Winthrop Congregational Church, United Church of Christ
No matter who you are. No matter where you are on life's journey. You are welcome here.
After the sabbath, as the first day of the week was dawning, Mary Magdalene and the other Mary went to see the tomb. And suddenly there was a great earthquake; for an angel of the Lord, descending from heaven, came and rolled back the stone and sat on it. His appearance was like lightning, and his clothing white as snow. For fear of him the guards shook and became like dead men. But the angel said to the women, ‘Do not be afraid; I know that you are looking for Jesus who was crucified. He is not here; for he has been raised, as he said. Come, see the place where he lay. Then go quickly and tell his disciples, “He has been raised from the dead, and indeed he is going ahead of you to Galilee; there you will see him.” This is my message for you.’ So they left the tomb quickly with fear and great joy, and ran to tell his disciples. Suddenly Jesus met them and said, ‘Greetings!’ And they came to him, took hold of his feet, and worshiped him. Then Jesus said to them, ‘Do not be afraid; go and tell my brothers to go to Galilee; there they will see me.’
I have been particularly grateful for technology over the last several weeks, as it has let me keep up with people I care about when I can’t safely see them face to face. I know that the Bible talks about seeing through a mirror dimly as though it were a problem. But, these last couple weeks, the mirror of our society that has been social media, has been a gift, even if what I see is incomplete. Recently, I saw, and participated, in something lovely over social media. I’ve been given permission to share it with you today.
My colleague, the Rev. Tamara Torres-McGovern is on staff at Woodfords Congregational Church in Portland. She also works with a new church start called Arise. She and her spouse Piper have a really great three-year kid named Tovi. Last week, Piper and Tovi went on a walk. On their walk, they also brought Tovi’s new scooter, which she was excited to learn to ride. According to her mom, there were the usual tumbles you might expect when you are learning to do a new thing, but eventually, little by little, Tovi grew brave enough that she began balancing on one foot and gliding along the sidewalk. I think that’s pretty impressive for the first day out.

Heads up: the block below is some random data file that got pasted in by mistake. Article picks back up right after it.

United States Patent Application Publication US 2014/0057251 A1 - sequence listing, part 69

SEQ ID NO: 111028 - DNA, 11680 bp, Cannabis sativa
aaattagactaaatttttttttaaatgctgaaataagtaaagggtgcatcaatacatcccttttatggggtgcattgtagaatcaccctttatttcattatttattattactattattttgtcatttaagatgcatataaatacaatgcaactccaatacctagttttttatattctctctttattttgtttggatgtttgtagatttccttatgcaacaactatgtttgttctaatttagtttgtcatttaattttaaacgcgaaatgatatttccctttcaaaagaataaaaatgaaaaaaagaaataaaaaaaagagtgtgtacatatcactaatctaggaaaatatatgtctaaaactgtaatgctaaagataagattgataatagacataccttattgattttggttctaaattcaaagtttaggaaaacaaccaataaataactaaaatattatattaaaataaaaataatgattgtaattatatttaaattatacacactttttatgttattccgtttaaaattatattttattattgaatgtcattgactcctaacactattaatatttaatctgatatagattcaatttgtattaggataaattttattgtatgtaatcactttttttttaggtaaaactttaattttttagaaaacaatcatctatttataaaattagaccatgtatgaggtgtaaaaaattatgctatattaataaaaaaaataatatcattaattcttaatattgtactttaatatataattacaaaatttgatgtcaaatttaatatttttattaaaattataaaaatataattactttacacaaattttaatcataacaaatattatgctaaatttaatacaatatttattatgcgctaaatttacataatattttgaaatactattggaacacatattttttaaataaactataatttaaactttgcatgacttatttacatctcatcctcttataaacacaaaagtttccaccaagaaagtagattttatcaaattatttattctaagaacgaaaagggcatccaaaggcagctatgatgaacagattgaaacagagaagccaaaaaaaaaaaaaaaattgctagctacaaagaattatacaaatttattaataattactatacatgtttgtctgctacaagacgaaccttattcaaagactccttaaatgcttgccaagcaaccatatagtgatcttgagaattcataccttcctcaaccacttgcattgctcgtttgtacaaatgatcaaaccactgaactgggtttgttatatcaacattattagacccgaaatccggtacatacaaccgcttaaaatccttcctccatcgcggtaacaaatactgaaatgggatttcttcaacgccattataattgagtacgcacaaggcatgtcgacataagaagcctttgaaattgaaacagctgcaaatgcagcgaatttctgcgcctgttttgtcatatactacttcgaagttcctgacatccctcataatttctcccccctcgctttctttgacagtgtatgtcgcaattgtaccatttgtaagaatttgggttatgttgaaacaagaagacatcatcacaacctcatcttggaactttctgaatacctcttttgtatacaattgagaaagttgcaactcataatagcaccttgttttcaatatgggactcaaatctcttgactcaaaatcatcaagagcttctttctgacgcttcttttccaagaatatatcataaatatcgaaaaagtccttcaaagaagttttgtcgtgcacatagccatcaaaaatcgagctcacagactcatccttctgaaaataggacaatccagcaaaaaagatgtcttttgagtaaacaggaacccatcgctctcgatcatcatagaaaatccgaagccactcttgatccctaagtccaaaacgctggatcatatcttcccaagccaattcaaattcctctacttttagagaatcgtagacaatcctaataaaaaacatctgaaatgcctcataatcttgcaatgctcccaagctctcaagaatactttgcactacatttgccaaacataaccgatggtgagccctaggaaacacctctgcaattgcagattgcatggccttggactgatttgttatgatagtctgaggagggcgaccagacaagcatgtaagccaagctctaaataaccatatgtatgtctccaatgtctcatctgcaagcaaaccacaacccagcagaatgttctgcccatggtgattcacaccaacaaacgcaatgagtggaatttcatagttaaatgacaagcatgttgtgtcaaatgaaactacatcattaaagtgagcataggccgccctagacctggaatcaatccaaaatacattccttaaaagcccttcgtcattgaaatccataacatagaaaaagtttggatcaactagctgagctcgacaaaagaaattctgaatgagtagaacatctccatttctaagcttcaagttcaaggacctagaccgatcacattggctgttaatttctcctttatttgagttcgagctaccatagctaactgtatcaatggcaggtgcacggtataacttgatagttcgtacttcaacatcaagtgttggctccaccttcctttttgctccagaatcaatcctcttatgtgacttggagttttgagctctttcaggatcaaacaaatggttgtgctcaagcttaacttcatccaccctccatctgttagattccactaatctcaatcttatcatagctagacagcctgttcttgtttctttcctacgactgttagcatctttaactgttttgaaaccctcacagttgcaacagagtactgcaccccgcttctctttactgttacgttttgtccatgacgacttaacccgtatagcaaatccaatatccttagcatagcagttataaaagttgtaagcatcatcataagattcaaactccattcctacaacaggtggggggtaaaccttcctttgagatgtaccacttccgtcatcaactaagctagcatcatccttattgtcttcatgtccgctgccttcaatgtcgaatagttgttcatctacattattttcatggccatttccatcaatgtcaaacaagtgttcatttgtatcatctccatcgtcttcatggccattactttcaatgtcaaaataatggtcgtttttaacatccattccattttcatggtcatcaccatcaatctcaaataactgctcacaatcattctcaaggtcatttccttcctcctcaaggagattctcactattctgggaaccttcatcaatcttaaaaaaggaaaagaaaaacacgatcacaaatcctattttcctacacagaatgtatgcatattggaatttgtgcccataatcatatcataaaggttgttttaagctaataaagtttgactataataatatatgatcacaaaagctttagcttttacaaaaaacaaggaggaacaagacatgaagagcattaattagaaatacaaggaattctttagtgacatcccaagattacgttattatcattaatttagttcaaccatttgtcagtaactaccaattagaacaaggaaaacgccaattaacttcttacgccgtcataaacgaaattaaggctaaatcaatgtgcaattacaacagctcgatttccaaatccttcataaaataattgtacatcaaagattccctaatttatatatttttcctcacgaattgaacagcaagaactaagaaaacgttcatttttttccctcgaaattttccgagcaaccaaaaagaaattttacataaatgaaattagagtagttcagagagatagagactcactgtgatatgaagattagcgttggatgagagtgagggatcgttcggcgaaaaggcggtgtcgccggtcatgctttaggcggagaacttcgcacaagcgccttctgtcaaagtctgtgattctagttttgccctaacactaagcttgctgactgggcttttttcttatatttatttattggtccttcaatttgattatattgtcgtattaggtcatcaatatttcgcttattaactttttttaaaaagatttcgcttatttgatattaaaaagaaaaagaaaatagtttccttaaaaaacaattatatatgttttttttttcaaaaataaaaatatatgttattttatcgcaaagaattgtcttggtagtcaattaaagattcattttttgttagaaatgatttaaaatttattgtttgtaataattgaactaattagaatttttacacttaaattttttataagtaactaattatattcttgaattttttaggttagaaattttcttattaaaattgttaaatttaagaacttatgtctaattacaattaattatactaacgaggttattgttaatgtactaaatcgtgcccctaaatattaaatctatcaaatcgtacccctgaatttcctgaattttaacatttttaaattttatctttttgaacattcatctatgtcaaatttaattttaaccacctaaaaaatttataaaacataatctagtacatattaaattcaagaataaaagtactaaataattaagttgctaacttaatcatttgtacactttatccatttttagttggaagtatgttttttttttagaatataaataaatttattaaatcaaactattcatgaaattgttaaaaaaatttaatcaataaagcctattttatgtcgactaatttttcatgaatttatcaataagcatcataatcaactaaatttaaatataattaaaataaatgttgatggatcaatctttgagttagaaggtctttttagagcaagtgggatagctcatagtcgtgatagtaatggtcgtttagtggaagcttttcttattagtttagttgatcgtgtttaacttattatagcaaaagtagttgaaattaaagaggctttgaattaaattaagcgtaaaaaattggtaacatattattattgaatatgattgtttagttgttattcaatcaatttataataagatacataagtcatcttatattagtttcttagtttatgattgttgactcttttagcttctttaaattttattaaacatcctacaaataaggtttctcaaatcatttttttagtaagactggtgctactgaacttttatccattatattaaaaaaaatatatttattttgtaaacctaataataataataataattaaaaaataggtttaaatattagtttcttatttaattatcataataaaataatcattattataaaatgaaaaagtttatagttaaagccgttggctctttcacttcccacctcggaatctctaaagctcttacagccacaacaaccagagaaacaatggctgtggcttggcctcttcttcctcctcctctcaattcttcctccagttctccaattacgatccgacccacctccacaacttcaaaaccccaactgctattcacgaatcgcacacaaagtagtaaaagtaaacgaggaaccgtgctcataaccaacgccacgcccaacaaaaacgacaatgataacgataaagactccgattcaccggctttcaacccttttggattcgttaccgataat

As we would say in Tennessee, Tovi was having a big ol’ time, scooting around and laughing out loud. That is, she was having a good time until she fell. And it was a bigger fall than the others she had taken up until that point. The scooter managed to roll over her finger and smashed one of her fingernails way down at the bottom. It bled and bled. Tovi cried and cried. Piper scooped Tovi up and ran home. Now, at first, Tovi wouldn’t let either of her moms touch her finger. But, eventually, they got it everything cleaned up and found a good band aid. I hope it had Star Wars on it. Those are the best band aids.
Something fascinating and very sweet happened after Tovi’s finger had been bandaged up. Once she had finished crying, she asked Tamara, “Mami, when you were little, did this happen to you?” What a thoughtful question! Not that I am surprised. Three-year-olds are very thoughtful. Her mom said not that exact thing, but something else happened. She was sledding down a gravel driveway covered in snow and got to going too fast. Before she had time to think about it, she tried to stop the sled using her elbows. The gravel tore through her jacket and a piece even got stuck in her elbow. Then Tamara showed Tovi the scar that is there now. Tamara shared with that this answer seemed to comfort Tovi.
Then Tovi turned to Piper and asked, “Did this happen to you when you were a kiddo?” And Piper said, “Not that exact thing, but once I was on a four-wheeler that was going too fast and it crashed and see, right here on my cheek, you can see where I got hurt.” According to her Tamara, Tovi was fascinated by these two answers and then asked if they could call her grandmothers to find out if this had happened to either of them when they were little. After the grandmas, Rev. Torres-McGovern said that Tovi ended up asking about almost everyone she knew, wondering about their injuries that had healed into scars. Rev. Torres-McGovern put it this way: it seemed “like somehow, their stories of their injuries… injuries that had that healed, were making her feel braver.”
I heard about Tovi’s accident after her moms, having run out of family injury stories, turned to social media to see if other grown-ups might be willing to tell stories about times they got hurt as kids and ended up with scars. There are at least 89 comments on that post! Three of them are mine. I shared a story about a bike wreck scar on one knee, a scar from scratching my other knee on a heater, and a scar on my pinkie finger from when I cut it on some chipped glass on a candle globe. That last one wasn’t a childhood story. I did that, like, two years ago.